In the current selection process of bank officers conducted at the apex level by the Institute of Banking Personnel Selection (IBPS), women are found to be participating very successfully. Some banks are recruiting officers in large numbers and training them through outside agencies by offering incentives in terms of education loans. In the initial stages, the new Bank can take trained officers to begin the branch level business.

 

Strategy for success

To be cost-effective and accessible to large number of ‘unbanked households’, the new bank could adopt the branchless banking model by opening large number of ultra small branches in rural and semi-urban centres. The Branchless Banking Centres (BBC) are to be managed by selected local women designated as business correspondents. Women are more suitable for this job, as they would be rendering this service from their homes. The informal atmosphere at such centres makes the villagers quite comfortable in doing their banking transactions. The scope for setting up such BBCs is immense, as there are 6.31 lakh villages in India and the number of rural branches is less than 40,000 at present. Even if the banking sector proposes to extend this facility to one lakh villages, it may require one lakh business correspondents. The Mahila Bank should opt for a major share in this plan.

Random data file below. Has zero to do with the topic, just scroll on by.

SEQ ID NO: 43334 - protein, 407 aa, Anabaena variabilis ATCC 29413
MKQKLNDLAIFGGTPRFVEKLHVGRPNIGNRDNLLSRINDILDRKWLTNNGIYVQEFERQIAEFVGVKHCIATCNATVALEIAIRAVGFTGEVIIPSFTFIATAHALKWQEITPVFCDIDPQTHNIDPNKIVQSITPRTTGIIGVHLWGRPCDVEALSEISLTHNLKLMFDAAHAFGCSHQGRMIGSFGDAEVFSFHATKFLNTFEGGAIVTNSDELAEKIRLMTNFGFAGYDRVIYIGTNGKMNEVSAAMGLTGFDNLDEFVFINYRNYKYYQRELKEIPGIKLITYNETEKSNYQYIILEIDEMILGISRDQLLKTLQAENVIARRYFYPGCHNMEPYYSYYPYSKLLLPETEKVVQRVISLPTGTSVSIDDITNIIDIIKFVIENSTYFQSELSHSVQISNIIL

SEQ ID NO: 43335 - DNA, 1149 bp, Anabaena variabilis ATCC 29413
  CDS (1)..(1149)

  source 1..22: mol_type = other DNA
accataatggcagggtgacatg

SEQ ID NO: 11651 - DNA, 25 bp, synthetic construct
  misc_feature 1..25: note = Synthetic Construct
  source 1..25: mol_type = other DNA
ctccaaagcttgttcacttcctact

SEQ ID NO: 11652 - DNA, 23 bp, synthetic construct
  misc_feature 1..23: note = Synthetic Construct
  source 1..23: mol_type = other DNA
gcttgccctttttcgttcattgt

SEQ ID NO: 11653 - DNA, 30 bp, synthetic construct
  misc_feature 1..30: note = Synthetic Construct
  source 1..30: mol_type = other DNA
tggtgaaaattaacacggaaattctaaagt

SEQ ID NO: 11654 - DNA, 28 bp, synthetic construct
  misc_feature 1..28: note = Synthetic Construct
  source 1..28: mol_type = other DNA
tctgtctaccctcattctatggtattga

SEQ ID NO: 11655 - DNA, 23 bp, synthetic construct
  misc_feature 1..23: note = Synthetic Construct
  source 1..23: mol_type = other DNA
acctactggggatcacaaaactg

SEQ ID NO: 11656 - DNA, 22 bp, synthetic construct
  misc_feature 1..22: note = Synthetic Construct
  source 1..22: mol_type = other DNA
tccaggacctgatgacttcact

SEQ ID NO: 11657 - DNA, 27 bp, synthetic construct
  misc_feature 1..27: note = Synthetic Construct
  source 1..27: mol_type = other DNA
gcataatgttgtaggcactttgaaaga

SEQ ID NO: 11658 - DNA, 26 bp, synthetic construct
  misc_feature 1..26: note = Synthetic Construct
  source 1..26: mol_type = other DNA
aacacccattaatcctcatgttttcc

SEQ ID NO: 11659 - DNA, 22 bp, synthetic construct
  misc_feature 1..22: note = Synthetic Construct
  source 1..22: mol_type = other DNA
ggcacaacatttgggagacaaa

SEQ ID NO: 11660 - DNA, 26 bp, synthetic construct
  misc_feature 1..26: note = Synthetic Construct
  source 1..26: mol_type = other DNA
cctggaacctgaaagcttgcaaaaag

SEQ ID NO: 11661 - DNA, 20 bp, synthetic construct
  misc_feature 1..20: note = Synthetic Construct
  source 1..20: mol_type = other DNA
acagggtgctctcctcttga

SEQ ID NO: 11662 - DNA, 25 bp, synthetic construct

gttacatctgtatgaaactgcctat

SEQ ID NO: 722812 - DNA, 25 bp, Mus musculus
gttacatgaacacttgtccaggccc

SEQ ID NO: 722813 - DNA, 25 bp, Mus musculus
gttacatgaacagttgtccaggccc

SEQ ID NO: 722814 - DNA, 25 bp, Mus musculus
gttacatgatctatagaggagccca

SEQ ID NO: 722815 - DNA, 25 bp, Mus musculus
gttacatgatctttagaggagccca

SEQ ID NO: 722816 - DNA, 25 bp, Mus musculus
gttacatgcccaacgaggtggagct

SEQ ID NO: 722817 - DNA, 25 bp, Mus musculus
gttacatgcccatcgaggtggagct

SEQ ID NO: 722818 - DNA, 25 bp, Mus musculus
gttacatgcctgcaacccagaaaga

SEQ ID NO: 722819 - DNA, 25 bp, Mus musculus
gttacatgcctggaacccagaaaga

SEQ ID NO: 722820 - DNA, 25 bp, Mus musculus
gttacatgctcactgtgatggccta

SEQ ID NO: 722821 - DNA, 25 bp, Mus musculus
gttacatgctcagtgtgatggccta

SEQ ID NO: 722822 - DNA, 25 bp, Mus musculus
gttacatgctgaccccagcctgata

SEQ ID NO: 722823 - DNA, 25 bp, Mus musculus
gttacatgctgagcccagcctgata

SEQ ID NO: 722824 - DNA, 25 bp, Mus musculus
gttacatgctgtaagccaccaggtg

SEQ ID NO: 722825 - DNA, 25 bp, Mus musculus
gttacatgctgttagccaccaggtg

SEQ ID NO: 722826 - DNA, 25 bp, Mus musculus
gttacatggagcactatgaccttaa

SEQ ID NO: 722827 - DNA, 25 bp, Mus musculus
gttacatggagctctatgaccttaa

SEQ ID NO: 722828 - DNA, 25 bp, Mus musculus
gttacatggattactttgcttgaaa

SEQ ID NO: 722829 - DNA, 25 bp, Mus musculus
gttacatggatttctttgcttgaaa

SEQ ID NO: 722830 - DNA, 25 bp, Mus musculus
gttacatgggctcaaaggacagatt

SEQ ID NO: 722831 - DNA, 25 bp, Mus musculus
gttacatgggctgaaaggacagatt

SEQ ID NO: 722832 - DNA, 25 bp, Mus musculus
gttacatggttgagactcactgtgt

Also Self Help Groups can be gainfully used for business expansion. Majority of their members are women from middle income group living in towns and villages. These groups are instrumental in reaching out to lakhs of households for expanding sales of some FMCG companies. Enhancing the level of financial literacy can be attempted through such field level workers for attaining financial inclusion.

Author :
Reported On :
Sector :
Shoulder :
RELATED NEWS
ABOUT IE
IE, the business magazine from south was launched in 1968 and pioneered business journalism in south. Through the 45 years IE has been focusing on well-presented and well-researched articles. When giants in the industry stumbled to keep pace with the digital revolution, IE stayed affixed embracing technology.
Read more
 
PRIVACY POLICY
Economist Communications Ltd is committed to ensuring that your privacy is protected.
Read more
TERMS AND CONDITIONS
You agree that your use of this Website and the purchase of the magazine will be governed by these terms and conditions.
Read more
 
CONTACT US
S-15, Industrial Estate,
Guindy,
Chennai - 600 032.
PHONE: +91 44 22501236
EMAIL: indecom1968@gmail.com